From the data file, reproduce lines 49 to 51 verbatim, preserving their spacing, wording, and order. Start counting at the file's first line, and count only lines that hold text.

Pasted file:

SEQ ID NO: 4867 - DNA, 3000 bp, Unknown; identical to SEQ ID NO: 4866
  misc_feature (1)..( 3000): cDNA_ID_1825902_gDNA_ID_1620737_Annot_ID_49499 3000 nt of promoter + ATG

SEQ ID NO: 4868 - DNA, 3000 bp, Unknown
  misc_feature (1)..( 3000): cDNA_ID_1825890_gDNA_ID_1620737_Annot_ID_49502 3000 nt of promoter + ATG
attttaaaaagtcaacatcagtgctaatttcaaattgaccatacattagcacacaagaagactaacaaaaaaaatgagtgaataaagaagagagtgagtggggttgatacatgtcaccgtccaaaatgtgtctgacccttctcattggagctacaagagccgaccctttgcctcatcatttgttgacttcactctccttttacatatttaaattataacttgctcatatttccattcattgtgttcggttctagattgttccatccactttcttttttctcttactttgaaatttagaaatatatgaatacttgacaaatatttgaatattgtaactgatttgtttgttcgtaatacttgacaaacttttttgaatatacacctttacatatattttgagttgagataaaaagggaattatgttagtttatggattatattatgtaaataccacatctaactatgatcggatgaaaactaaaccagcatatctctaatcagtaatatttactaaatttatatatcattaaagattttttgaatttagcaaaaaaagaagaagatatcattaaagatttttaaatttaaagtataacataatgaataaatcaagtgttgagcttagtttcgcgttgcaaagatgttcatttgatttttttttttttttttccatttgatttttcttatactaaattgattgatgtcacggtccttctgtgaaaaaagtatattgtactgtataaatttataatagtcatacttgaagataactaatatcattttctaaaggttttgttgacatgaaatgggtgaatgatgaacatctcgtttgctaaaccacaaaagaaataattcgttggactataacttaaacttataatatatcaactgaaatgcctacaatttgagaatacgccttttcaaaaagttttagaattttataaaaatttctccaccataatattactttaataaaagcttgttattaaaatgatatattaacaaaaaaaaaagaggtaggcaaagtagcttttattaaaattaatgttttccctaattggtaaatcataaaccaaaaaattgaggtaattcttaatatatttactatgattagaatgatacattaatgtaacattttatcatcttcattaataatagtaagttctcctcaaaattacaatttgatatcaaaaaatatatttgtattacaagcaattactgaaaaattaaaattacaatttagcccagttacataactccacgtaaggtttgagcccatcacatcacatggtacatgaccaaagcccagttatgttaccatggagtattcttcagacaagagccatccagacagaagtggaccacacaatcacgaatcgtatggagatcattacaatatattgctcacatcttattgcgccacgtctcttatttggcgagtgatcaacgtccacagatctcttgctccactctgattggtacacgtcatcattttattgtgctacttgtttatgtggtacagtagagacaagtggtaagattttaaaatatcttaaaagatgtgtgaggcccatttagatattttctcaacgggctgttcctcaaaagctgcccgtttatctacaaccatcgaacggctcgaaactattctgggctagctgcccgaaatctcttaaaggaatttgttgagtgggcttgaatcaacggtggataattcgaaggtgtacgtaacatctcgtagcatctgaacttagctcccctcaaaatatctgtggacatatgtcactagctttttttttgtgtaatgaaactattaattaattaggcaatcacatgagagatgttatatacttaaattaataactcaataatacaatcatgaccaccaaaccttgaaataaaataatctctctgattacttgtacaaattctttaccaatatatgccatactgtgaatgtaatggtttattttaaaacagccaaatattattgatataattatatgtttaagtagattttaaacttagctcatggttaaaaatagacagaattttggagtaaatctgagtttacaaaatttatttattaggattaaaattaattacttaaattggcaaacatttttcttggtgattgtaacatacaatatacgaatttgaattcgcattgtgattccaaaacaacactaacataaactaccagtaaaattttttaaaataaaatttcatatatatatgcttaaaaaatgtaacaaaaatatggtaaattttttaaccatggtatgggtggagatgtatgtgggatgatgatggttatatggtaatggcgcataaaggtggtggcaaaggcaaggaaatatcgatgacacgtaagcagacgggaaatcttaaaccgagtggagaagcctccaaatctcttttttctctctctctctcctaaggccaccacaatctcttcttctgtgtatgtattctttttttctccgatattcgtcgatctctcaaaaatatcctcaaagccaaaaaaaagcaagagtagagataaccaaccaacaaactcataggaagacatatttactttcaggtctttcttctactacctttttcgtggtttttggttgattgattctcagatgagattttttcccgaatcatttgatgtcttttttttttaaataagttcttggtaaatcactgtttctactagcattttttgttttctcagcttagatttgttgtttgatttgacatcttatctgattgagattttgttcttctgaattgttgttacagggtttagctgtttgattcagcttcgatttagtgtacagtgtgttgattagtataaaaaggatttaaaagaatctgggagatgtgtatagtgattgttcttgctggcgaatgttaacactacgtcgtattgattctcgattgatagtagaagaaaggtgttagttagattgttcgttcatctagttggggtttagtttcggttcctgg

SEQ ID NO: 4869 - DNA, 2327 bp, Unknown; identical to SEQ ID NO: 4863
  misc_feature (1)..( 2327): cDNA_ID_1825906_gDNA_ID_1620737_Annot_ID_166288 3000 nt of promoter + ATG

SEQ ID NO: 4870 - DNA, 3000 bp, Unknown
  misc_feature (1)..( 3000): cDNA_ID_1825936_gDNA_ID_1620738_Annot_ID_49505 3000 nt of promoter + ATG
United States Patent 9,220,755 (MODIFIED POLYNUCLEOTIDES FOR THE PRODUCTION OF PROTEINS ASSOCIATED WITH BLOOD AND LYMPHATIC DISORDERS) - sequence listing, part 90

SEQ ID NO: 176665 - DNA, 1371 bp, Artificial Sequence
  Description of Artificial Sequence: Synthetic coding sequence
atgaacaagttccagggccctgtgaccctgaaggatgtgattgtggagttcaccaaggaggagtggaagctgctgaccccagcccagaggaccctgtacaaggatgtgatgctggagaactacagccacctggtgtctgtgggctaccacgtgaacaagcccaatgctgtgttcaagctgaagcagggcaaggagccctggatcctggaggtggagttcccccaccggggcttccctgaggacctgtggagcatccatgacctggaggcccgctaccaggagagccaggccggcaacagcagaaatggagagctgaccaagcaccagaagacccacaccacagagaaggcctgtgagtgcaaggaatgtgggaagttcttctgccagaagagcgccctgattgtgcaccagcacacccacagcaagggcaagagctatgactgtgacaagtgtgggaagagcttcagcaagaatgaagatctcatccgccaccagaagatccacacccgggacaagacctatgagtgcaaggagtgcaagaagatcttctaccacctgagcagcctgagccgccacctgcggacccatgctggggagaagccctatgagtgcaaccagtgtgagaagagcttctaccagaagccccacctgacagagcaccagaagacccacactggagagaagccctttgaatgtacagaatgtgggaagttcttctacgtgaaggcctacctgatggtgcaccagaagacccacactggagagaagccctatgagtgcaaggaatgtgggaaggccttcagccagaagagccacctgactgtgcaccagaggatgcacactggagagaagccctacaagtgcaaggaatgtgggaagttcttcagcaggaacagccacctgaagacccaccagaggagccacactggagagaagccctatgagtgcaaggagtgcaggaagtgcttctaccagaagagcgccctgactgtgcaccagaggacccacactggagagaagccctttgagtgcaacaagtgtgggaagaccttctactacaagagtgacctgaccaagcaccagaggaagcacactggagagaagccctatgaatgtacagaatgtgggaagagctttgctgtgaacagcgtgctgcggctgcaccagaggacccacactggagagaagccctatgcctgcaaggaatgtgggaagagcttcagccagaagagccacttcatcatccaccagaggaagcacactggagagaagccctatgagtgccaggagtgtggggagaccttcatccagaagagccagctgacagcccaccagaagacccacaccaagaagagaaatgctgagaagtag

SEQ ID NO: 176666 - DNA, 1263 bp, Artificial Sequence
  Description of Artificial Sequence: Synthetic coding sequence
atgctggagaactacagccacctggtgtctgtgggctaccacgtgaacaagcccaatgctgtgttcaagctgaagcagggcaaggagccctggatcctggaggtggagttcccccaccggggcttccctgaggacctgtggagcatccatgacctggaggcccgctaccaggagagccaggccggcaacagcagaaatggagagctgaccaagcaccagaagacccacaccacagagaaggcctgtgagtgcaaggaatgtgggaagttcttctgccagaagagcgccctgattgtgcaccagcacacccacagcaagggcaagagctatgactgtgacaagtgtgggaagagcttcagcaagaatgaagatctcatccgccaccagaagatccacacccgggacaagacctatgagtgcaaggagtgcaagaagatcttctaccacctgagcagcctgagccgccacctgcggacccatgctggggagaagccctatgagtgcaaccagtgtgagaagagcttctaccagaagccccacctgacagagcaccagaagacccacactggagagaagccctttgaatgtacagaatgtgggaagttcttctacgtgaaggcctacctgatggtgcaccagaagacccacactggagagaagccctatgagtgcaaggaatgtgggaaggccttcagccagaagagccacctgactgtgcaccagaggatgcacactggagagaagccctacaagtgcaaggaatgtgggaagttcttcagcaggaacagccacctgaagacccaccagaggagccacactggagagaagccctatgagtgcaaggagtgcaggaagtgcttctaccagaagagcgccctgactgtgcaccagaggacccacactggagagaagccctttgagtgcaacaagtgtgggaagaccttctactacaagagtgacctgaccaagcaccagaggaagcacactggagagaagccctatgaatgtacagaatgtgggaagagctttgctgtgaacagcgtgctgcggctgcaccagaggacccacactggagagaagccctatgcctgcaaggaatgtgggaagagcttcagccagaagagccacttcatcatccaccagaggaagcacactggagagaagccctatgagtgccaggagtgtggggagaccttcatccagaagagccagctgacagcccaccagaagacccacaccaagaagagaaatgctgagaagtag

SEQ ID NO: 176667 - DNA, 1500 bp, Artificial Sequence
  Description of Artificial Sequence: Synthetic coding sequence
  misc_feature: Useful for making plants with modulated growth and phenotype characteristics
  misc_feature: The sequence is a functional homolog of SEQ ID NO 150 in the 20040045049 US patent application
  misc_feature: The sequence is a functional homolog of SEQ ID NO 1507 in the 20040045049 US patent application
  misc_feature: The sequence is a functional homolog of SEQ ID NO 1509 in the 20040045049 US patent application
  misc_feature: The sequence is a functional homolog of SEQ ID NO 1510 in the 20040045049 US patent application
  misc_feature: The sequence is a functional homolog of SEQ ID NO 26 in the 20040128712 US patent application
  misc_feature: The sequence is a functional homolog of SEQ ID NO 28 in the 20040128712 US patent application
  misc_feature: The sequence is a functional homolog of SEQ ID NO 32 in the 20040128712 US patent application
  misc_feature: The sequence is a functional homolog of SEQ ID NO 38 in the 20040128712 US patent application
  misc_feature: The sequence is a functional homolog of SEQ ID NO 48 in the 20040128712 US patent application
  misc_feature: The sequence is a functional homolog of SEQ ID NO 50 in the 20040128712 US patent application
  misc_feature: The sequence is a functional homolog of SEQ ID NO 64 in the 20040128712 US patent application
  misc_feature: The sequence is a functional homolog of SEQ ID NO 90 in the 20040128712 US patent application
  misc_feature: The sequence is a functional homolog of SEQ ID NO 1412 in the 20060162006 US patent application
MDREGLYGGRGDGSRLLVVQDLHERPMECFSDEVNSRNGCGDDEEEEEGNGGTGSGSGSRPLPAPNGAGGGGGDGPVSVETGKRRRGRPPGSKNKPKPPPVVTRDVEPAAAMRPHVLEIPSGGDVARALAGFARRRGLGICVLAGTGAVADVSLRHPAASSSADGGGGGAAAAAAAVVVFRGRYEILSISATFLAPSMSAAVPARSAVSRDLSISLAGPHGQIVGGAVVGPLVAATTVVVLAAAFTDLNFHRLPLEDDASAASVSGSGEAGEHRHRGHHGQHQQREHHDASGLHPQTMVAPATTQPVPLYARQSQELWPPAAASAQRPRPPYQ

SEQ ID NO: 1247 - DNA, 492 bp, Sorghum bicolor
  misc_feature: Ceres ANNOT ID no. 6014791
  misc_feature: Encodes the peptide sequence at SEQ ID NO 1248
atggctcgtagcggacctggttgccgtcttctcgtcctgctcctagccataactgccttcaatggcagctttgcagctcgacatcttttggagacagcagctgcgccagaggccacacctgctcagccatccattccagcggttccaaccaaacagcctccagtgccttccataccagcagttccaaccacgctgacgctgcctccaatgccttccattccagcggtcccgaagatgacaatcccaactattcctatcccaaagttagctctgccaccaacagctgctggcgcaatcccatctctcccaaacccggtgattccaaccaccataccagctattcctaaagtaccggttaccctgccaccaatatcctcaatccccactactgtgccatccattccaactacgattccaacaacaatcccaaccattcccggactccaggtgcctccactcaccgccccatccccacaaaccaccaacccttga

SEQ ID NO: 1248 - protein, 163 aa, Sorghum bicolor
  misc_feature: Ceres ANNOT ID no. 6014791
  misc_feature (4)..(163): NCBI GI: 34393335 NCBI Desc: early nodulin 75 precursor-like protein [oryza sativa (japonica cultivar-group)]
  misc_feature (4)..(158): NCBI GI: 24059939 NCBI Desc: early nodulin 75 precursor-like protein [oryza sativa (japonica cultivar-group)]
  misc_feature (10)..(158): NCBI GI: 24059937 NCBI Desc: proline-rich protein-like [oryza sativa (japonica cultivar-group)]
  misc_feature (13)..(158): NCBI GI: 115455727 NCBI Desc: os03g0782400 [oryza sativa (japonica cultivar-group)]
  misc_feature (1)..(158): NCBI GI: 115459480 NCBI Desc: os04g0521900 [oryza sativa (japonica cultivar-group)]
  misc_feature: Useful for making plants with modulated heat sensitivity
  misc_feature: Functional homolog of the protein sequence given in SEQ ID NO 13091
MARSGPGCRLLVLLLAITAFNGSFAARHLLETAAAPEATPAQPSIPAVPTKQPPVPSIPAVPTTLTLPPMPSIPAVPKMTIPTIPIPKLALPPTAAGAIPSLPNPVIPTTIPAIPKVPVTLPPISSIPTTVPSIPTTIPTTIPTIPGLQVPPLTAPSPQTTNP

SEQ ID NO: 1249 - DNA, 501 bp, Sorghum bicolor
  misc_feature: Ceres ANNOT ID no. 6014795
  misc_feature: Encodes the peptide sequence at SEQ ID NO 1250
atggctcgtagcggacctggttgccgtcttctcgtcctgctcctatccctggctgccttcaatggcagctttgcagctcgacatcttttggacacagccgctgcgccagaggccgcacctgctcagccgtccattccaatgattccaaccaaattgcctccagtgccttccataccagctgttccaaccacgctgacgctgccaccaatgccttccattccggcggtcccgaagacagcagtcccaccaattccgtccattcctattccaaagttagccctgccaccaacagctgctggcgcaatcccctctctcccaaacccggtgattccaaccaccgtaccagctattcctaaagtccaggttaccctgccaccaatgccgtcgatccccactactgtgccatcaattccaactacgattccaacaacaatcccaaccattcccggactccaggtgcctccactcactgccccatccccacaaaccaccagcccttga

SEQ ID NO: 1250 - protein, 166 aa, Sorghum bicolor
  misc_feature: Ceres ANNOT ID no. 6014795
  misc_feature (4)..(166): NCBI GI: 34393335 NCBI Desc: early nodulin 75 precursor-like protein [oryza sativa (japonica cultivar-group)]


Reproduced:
  misc_feature: Ceres ANNOT ID no. 6014795
  misc_feature: Encodes the peptide sequence at SEQ ID NO 1250
atggctcgtagcggacctggttgccgtcttctcgtcctgctcctatccctggctgccttcaatggcagctttgcagctcgacatcttttggacacagccgctgcgccagaggccgcacctgctcagccgtccattccaatgattccaaccaaattgcctccagtgccttccataccagctgttccaaccacgctgacgctgccaccaatgccttccattccggcggtcccgaagacagcagtcccaccaattccgtccattcctattccaaagttagccctgccaccaacagctgctggcgcaatcccctctctcccaaacccggtgattccaaccaccgtaccagctattcctaaagtccaggttaccctgccaccaatgccgtcgatccccactactgtgccatcaattccaactacgattccaacaacaatcccaaccattcccggactccaggtgcctccactcactgccccatccccacaaaccaccagcccttga